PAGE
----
Curtis Macomber, violin; Blair McMillan, piano


This work appears on Chester Biscardi: In Time's Unfolding, Naxos 8.559639 (Hong Kong, 2011) with In Time's Unfolding, Piano Quintet, Mestiere, The Viola Had Suddenly Become a Voice, and Companion Piece (for Morton Feldman). Liner notes by the composer.

Tartini, for violin and piano (1972), was written for Thomas Moore, a member of the Pro Arte Quartet. It employs a twelve-tone row constructed from the melodies that make up the Allegro assai-Andante-Allegro assai movement of Giuseppe Tartini's "Devil's Trill" Sonata in G minor (ca. 1714). I also borrow melodic fragments from that work as well as Tartini's virtuosic technique of juxtaposing two simultaneous voices against an extended trill as countermelody, for which his piece is famous. The "fast-slow-fast" structure of my one-movement work is a miniature representation of the last and more expansive fourth movement of Tartini's sonata. There are also hints in Tartini from Arnold Schoenberg's Phantasy (1949) and Charles Wuorinen's Duo (1967), two works for violin and piano that particularly impressed me as a young composer.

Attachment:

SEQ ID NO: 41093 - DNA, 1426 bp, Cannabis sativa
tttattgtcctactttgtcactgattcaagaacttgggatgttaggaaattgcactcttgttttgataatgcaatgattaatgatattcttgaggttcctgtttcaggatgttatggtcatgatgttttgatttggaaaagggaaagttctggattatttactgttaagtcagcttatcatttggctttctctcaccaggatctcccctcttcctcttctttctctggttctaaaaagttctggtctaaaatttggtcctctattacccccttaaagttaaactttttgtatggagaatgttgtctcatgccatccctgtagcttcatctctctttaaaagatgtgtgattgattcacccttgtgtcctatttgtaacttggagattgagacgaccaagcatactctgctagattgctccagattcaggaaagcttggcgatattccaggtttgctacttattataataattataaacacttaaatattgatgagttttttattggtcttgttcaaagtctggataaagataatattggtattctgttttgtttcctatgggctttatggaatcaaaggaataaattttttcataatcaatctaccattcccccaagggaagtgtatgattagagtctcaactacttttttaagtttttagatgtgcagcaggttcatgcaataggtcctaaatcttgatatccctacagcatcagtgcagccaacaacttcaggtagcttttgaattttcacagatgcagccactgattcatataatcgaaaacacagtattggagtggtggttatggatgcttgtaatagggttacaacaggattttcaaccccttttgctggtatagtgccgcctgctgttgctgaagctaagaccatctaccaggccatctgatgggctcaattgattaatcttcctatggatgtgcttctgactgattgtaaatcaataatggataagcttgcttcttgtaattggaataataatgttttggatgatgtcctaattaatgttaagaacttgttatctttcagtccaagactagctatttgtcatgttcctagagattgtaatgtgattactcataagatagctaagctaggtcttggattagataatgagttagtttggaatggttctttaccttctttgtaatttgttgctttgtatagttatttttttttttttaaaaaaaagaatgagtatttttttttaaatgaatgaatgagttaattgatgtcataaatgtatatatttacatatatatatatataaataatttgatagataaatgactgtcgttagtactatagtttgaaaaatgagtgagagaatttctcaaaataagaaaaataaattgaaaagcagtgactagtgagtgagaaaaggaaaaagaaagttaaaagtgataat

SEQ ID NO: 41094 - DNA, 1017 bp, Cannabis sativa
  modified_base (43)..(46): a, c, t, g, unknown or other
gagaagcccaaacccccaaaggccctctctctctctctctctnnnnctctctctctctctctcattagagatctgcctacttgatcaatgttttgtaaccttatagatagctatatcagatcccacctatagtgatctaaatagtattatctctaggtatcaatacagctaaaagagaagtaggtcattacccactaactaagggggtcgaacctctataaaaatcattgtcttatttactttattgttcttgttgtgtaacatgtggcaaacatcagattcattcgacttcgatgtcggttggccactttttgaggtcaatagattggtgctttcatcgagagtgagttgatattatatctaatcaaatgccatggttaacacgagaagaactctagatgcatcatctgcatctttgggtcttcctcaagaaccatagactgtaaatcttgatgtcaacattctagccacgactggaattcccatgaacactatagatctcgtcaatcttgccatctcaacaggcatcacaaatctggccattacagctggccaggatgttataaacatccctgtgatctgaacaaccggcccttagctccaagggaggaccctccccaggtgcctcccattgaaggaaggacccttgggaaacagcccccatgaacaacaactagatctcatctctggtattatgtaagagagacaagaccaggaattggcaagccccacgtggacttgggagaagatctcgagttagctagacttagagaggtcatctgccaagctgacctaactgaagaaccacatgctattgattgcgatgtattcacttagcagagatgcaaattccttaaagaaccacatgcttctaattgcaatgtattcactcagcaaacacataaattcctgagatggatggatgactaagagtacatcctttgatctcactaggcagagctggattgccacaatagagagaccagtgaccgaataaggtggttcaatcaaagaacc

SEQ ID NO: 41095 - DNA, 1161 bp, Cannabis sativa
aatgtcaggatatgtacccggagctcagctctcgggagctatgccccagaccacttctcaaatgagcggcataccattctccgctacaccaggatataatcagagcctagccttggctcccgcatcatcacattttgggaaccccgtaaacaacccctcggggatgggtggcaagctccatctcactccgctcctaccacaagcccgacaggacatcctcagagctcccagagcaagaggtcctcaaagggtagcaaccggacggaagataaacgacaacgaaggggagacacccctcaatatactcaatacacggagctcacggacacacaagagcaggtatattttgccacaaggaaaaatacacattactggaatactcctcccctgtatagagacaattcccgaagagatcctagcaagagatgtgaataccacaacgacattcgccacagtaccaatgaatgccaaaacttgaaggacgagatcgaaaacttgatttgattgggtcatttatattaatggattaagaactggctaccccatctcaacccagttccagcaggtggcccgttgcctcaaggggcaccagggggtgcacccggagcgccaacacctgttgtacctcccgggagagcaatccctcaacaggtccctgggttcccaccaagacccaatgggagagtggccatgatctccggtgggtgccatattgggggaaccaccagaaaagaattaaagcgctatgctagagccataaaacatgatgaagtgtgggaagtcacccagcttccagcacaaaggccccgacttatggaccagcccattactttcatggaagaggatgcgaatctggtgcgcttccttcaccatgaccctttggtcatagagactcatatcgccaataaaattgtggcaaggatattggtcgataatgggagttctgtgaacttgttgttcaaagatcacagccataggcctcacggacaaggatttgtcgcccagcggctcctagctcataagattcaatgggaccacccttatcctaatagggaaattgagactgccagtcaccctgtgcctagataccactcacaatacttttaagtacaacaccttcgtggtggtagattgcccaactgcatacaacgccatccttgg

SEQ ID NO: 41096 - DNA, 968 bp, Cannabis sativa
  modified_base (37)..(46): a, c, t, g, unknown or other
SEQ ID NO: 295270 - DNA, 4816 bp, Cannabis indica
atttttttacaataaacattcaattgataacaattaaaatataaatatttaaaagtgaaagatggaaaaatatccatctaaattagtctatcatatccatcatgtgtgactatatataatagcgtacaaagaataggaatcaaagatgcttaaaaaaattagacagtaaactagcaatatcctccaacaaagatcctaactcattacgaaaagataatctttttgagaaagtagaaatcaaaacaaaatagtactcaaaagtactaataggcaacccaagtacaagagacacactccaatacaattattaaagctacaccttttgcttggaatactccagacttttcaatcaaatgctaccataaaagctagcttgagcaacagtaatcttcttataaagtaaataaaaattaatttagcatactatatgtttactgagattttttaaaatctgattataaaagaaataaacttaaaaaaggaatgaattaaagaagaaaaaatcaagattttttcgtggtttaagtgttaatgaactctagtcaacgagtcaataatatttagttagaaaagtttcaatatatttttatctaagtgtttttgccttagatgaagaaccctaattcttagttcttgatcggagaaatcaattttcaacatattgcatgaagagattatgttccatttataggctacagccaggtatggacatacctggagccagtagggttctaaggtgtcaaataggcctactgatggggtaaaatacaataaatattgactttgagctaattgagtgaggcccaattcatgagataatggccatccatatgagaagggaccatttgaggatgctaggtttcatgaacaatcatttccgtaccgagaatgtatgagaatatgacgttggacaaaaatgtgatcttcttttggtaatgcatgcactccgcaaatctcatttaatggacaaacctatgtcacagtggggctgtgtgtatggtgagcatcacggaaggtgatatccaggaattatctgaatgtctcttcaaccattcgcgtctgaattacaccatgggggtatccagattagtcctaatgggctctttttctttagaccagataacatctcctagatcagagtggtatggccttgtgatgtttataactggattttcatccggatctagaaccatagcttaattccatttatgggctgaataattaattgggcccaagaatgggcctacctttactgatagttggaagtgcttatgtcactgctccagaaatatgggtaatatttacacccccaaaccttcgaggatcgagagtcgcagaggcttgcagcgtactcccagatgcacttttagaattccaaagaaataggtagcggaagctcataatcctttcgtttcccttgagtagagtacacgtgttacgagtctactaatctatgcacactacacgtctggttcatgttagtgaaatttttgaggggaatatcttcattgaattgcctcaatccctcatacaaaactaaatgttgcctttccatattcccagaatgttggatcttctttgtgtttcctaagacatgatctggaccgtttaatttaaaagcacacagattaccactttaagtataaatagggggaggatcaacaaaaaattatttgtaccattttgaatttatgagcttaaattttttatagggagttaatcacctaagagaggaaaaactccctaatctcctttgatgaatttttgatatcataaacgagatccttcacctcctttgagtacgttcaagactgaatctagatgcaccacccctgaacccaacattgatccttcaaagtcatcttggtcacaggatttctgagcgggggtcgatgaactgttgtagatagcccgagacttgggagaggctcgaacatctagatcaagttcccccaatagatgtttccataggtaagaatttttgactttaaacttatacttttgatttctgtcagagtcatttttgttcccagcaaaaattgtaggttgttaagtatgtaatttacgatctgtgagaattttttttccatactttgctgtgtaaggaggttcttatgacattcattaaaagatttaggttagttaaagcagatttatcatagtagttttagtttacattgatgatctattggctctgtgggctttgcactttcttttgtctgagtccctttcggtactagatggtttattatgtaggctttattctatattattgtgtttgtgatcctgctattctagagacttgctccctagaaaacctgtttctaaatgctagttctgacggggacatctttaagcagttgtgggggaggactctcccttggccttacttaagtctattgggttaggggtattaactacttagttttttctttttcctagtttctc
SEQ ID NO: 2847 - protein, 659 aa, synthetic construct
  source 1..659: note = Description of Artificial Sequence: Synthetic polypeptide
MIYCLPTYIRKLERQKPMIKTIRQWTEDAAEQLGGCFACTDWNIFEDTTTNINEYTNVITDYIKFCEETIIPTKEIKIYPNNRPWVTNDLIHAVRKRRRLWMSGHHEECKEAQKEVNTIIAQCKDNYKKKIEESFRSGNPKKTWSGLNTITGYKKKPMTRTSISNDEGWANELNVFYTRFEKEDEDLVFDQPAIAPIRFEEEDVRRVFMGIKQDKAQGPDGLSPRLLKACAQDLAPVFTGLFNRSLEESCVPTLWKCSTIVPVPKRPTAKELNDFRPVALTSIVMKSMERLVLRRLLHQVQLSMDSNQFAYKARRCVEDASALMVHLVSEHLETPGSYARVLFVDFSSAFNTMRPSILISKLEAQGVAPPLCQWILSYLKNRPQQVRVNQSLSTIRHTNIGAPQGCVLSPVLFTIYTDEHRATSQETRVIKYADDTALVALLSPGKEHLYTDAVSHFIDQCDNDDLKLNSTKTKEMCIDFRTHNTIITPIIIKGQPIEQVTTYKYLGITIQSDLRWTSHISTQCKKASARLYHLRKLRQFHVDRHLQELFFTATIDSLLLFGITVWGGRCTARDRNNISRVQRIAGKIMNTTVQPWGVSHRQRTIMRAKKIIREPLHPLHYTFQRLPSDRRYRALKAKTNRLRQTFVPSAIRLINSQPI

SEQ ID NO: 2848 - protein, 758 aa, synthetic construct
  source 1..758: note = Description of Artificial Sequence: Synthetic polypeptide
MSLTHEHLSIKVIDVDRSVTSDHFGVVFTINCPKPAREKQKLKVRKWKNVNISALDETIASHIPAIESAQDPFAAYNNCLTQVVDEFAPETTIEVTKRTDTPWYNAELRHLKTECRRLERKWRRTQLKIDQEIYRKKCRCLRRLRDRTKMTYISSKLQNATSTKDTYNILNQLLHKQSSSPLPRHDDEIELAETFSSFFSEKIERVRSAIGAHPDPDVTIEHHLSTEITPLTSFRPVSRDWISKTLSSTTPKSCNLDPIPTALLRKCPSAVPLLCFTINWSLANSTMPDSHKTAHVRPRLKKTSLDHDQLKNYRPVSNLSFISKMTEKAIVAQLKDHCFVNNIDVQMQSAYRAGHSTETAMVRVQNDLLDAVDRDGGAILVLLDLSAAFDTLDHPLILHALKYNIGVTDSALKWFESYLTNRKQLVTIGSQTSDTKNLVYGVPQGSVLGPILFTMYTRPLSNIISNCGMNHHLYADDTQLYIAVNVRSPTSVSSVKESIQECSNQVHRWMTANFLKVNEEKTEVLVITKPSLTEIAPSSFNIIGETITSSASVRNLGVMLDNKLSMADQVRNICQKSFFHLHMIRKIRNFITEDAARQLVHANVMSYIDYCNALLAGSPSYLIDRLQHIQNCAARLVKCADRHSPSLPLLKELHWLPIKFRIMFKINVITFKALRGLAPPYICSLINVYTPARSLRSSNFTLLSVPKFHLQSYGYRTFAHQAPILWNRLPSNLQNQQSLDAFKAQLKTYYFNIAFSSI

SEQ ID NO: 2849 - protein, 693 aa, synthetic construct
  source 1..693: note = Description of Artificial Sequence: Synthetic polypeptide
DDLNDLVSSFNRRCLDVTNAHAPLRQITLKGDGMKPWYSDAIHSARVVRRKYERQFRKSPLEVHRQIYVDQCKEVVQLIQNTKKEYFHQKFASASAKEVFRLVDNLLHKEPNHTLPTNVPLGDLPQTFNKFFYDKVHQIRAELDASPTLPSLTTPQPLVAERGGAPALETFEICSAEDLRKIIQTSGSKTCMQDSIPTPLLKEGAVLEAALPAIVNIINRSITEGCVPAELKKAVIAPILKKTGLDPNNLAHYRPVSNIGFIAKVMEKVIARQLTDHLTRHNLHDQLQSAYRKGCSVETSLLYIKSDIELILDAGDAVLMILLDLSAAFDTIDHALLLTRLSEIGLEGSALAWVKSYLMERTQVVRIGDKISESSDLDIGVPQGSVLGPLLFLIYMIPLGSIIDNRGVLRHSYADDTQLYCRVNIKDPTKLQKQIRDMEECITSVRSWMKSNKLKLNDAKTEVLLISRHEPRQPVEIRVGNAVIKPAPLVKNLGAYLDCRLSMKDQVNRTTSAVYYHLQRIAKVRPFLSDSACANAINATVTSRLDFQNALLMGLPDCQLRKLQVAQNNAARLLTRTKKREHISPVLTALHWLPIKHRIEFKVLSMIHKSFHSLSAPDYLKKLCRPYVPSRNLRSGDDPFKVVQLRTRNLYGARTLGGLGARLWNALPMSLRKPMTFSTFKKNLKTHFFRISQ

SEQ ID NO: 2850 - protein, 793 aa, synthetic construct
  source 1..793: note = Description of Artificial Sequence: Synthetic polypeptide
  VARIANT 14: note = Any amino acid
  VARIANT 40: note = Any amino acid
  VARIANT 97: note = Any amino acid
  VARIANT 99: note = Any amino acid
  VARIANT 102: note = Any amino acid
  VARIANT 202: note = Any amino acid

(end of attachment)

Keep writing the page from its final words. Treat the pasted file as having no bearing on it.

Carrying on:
I see Tartini as the first significant work that I wrote as an adult. I started writing music when I was nine but took a hiatus from composing in my late teens due to family pressures to become a lawyer. I didn't become a lawyer, but after finishing an undergraduate degree in English literature I did become a graduate Italian scholar before moving back into music. My studies in English and Italian have had a profound effect on my musical process, and I continue to be influenced by the ways literature can generate musical ideas and form – how literary images can inspire everything from the smallest melodic shape to a work's overall structure.

It's not surprising then that early on I would turn to an Italian composer and a poem about his musical experience to generate the musical ideas and form of Tartini. Charles Burney's 1773 account about how the devil supposedly appears to Tartini in a dream has become legend. Tartini handed the devil his violin and was astonished when he heard him play "with consummate skill, a sonata of such exquisite beauty as surpassed the boldest flights of my imagination. I felt enraptured, transported, enchanted; my breath failed me, and I awoke. Seizing my violin I tried to reproduce the sounds I had heard. But in vain. The piece I then composed, the "Devil's Trill" Sonata, although the best I ever wrote, how far was it below the one I had heard in my dreams!"

I was inspired by a poetic adaptation of that legend by my friend, Lois Drapin, in her poem, "Tartini Dreams Trillo del Diavolo" (1972):
The night Tartini slept, he woke the Devil.
The creature came to him, unchained and crazed.
The rabid dog strikes first at his own master.
The creature came to him whose flesh he craved
And stood before him freed from his horsehair grave.

And Tartini screamed the scream that loosed his soul
His body twisting with his night-hawk call.
© 1972 by Lois Drapin; used by permission.

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